Chris Evans Says Captain America Is "A Great Character to Play"
04.05.10 by BJSprecher
Only a few weeks before the official casting announcement was made, Chris Evans' name was not even on the list of actors assumed to be in contention for the lead role in director Joe Johnston's The First Avenger: Captain America, Marvel Studios' adaptation of its popular patriotic comic book superhero. That just goes to show how tightly wrapped in secrecy Marvel Studios is keeping its closely-connected superhero movies leading up to the super-team movie The Avengers in 2012. Now, for the first time, Evans has publicly commented on landing the role that puts him in the distinguished company of his fellow Avengers, two-time Oscar-nominated actors Edward Norton (Bruce Banner in The Incredible Hulk) and Robert Downey Jr. (Tony Stark in Iron Man 2), and newcomer Chris Hemsworth (title character in Thor).
While attending the WonderCon comic book convention in San Francisco this past weekend, Evans managed to dodge more than one interviewer's questions about Captain America. Attending to support his other comic book movies, The Losers and Scott Pilgrim vs. The World, Evans told HitFix that he tries to "stay away from" the casting rumors and that it was "almost none of [his] business." He also refused to speculate on whether he would be dying his hair blonde to match Steve Rogers' look in the comic books, something he didn't do to portray the Marvel superhero Johnny Storm, aka The Human Torch, in two Fantastic Four movies. Evans again dodged questions about the role when he spoke with Collider, this time saved by the timely intervention of his The Losers co-star, Columbus Short, ultimately laughing off the topic by saying, "They were gonna go black."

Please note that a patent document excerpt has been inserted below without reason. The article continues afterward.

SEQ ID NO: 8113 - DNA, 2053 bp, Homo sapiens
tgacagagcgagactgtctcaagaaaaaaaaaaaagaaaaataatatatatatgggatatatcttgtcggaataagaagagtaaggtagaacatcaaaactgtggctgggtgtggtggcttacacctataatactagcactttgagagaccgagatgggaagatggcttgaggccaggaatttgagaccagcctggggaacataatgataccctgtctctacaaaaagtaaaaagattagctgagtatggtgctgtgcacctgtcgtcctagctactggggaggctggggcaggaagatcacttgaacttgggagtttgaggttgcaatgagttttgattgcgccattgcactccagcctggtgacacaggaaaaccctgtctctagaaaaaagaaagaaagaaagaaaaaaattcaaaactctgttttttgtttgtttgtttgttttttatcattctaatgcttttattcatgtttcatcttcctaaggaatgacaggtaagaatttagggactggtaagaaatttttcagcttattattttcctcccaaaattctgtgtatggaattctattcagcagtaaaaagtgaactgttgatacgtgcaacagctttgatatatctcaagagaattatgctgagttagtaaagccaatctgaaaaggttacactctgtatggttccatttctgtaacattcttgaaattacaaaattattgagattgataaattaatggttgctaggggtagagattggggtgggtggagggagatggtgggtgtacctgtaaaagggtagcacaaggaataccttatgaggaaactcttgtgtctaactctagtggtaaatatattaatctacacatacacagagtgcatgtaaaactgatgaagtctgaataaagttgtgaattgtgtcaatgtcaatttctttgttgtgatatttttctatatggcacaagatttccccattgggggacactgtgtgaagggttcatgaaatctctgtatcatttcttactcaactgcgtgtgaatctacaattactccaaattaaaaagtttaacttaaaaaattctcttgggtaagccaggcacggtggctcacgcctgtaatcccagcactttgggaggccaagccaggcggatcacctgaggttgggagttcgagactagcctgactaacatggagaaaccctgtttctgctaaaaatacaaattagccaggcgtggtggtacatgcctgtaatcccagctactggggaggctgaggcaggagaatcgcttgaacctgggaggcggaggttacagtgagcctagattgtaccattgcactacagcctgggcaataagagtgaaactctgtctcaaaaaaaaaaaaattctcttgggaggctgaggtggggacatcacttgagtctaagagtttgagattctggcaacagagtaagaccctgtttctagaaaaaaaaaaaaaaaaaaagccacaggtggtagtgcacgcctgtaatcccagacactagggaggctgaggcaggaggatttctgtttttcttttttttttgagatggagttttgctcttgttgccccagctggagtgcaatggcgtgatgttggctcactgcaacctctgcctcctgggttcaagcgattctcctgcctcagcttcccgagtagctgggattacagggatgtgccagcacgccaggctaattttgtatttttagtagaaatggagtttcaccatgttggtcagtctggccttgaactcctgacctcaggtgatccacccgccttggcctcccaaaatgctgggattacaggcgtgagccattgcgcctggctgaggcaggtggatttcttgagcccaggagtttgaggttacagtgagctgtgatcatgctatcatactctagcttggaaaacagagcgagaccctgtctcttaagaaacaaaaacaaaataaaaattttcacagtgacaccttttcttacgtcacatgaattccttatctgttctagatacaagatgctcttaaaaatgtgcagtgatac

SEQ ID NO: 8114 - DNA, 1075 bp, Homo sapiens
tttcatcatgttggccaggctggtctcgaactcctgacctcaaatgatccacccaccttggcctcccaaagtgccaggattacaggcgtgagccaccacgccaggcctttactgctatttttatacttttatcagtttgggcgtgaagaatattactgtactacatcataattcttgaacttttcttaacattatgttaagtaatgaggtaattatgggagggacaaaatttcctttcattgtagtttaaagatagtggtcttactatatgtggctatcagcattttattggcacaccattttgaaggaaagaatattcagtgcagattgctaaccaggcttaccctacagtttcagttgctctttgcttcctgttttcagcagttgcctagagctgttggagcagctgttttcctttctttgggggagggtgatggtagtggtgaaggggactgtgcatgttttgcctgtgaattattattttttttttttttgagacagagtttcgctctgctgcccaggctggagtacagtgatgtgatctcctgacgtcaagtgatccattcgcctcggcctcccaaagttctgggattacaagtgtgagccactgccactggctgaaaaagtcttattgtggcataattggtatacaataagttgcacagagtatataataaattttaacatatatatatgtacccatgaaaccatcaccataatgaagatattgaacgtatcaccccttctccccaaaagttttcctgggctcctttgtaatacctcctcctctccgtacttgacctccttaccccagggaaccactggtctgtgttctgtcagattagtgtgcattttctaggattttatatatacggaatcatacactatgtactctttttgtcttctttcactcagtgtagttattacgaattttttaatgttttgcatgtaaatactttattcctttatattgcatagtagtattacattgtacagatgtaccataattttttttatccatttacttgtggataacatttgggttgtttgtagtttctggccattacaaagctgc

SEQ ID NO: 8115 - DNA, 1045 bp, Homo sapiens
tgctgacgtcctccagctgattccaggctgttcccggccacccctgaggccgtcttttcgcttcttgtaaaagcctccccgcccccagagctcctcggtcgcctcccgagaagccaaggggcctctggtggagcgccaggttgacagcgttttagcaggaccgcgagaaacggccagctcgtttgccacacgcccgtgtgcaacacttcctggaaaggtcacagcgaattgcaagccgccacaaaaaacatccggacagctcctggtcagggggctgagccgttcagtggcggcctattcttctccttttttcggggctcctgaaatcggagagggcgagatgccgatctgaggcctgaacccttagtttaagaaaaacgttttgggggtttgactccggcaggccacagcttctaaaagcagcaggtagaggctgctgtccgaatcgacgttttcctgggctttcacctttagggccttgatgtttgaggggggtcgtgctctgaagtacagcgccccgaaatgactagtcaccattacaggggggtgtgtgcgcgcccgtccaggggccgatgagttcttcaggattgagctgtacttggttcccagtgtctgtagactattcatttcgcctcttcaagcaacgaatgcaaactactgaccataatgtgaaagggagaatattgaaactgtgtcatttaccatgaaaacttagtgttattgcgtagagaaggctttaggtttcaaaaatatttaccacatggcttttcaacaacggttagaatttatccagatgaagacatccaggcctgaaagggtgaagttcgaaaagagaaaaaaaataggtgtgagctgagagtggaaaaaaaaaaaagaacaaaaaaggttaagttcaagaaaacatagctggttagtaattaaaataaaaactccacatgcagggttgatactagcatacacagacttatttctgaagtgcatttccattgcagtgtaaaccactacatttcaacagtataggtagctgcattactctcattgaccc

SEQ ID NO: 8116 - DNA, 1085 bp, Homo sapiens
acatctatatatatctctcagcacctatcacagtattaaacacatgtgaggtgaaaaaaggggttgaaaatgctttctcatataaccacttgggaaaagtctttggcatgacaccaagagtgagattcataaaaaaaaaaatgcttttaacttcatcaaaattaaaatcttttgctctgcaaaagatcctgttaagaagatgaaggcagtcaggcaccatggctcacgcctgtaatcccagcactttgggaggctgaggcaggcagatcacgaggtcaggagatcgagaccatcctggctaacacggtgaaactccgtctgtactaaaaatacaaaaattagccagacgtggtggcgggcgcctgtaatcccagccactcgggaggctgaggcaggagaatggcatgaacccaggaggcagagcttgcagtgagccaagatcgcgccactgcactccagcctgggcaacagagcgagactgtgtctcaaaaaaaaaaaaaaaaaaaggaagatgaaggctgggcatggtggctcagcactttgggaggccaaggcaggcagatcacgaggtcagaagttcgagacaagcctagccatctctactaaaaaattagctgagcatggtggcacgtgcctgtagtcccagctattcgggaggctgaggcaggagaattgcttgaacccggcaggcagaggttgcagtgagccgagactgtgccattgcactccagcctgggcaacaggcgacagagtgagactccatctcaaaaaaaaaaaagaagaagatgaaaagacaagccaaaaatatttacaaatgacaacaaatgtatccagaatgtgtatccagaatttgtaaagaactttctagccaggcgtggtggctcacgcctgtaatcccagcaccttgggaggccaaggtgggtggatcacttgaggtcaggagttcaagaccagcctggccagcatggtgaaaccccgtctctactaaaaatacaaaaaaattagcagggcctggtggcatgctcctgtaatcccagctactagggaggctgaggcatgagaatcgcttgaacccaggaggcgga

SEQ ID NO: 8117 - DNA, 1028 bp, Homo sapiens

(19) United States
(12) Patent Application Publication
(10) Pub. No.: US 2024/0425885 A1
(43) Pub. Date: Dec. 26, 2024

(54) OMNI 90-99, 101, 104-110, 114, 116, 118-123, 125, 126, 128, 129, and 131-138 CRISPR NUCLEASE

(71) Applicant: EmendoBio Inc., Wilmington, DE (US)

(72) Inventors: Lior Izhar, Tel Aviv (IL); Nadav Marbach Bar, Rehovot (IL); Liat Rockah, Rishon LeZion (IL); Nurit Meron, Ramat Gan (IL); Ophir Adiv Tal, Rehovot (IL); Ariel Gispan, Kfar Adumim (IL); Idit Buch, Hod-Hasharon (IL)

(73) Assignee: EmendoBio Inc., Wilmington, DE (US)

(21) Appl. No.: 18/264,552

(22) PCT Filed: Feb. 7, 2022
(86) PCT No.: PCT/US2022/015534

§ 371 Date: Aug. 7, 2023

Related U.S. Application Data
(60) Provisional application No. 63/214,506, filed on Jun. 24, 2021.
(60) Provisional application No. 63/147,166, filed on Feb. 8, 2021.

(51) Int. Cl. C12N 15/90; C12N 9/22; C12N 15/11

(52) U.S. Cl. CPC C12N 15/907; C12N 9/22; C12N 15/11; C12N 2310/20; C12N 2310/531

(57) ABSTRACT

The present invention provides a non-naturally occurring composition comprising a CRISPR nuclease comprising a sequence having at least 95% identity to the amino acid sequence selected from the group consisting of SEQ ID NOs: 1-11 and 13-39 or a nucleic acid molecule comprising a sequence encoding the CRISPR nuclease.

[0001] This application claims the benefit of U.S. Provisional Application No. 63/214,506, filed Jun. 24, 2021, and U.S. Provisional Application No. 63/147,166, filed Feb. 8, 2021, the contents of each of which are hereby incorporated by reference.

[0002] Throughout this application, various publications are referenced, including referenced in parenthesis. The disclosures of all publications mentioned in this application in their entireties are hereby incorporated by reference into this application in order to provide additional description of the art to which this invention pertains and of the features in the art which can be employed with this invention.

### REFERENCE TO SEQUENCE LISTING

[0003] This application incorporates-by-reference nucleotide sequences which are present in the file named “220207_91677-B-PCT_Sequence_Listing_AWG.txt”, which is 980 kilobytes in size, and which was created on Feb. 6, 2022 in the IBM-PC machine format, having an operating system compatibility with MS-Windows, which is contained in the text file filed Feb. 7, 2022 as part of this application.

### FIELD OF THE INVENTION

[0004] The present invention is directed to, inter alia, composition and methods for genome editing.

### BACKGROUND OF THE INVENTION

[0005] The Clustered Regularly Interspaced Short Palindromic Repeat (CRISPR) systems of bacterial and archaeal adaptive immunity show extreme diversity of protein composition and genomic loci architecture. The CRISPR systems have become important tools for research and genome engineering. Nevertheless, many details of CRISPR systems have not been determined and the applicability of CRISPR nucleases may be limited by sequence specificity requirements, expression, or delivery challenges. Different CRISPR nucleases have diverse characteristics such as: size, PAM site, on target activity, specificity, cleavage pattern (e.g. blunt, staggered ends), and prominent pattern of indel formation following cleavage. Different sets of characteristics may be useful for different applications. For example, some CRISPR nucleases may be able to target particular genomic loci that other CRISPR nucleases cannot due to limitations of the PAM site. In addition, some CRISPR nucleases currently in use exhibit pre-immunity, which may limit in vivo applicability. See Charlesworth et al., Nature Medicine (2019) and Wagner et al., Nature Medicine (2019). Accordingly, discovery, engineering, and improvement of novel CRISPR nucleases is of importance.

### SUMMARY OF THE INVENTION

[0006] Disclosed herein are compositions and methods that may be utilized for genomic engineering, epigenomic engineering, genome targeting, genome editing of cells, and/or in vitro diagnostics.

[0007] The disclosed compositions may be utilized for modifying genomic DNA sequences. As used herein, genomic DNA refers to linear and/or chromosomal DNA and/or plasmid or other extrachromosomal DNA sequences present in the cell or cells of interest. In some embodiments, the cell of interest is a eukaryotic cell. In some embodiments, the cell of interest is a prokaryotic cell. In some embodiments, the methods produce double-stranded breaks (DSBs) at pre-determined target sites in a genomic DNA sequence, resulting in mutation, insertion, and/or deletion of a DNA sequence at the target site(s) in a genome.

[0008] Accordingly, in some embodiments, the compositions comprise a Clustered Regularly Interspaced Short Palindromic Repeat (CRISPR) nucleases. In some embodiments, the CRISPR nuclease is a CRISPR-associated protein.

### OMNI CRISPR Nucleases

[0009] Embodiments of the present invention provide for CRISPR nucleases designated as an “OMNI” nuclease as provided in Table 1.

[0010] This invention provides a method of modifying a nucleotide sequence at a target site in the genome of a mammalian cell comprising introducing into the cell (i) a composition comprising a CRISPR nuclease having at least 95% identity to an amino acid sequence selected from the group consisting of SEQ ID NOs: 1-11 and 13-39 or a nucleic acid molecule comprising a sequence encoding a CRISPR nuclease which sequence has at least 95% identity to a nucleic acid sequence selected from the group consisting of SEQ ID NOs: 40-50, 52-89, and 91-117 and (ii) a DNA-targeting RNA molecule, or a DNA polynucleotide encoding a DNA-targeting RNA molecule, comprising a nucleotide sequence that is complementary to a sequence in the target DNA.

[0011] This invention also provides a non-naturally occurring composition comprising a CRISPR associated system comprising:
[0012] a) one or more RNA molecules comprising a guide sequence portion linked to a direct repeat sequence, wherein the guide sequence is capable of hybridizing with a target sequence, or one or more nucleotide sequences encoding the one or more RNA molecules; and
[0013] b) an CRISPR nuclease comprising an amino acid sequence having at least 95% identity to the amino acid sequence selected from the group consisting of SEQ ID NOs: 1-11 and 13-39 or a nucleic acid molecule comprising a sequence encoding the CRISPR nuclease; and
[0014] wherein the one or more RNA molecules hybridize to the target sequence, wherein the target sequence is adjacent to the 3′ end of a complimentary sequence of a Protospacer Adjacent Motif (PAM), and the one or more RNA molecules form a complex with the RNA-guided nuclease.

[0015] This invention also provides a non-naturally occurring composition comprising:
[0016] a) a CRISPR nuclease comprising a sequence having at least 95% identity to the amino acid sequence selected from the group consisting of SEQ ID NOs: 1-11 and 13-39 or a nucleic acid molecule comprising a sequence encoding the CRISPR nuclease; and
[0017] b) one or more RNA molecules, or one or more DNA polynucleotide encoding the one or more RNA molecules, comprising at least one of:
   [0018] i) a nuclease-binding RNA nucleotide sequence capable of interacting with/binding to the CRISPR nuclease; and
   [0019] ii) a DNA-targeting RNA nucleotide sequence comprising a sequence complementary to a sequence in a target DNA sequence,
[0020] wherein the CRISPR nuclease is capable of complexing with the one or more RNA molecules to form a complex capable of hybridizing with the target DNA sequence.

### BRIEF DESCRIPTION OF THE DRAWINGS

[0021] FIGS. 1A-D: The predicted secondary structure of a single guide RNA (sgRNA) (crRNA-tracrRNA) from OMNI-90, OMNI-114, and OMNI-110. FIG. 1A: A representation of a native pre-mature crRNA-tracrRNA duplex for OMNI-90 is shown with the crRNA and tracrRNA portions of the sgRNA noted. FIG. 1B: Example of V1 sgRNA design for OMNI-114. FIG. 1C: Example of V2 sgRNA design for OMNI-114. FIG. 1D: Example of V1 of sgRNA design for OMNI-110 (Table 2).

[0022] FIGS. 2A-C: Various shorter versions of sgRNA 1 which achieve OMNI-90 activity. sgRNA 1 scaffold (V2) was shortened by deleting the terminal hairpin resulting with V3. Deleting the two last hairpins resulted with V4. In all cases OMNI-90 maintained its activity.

However, during a press conference for The Losers, Evans finally opened up a bit about Captain America. He admitted that he doesn't have "a history or love of" reading comic books, but that the strength of the character is what drew him to the role.
I think Marvel is doing a lot of good things right now. [Captain America is] a fun character, even if it wasn't a comic book. I think the story of Steve Rogers is great. He's a great guy. Even if it was just a script about anybody, I'd probably want to do it.
He's a great character to play. He just happens to be a comic book hero, too, and that's where I'm coming from.
Evans said that, because movies are a collaborative medium, it's often hard to predict what the end result is going to be while making a movie. He said that the benefit of making a movie based on a comic book is that you at least have a starting point for the tone and visuals of the movie.
You have all of these different creative people come together trying to make something. The director is the quarterback trying to bridge the gap of all these different artists together with words. A lot of the times, the message can be lost in translation.
The beautiful thing about comic books or even movies based on novels, you have a blueprint, you have something tangible thing where you can go, 'This is the world we're going for.' Especially in comic books you have a color palette, you have a visual home base to root yourself in. As an actor, it's nice knowing at least the people behind the visual element to the film have this nice blueprint to work off. As an actor, you have something to go off of too. It's a treat! It's always nice working on a comic book (movie) because you know what you're getting into beforehand.
Johnston is currently scouting locations for The First Avenger: Captain America in Europe, with the movie slated to begin production in June. The only other actor cast in the movie at this time is Sebastian Stan in the role of James "Bucky" Barnes, Captain America's WWII sidekick and confidante.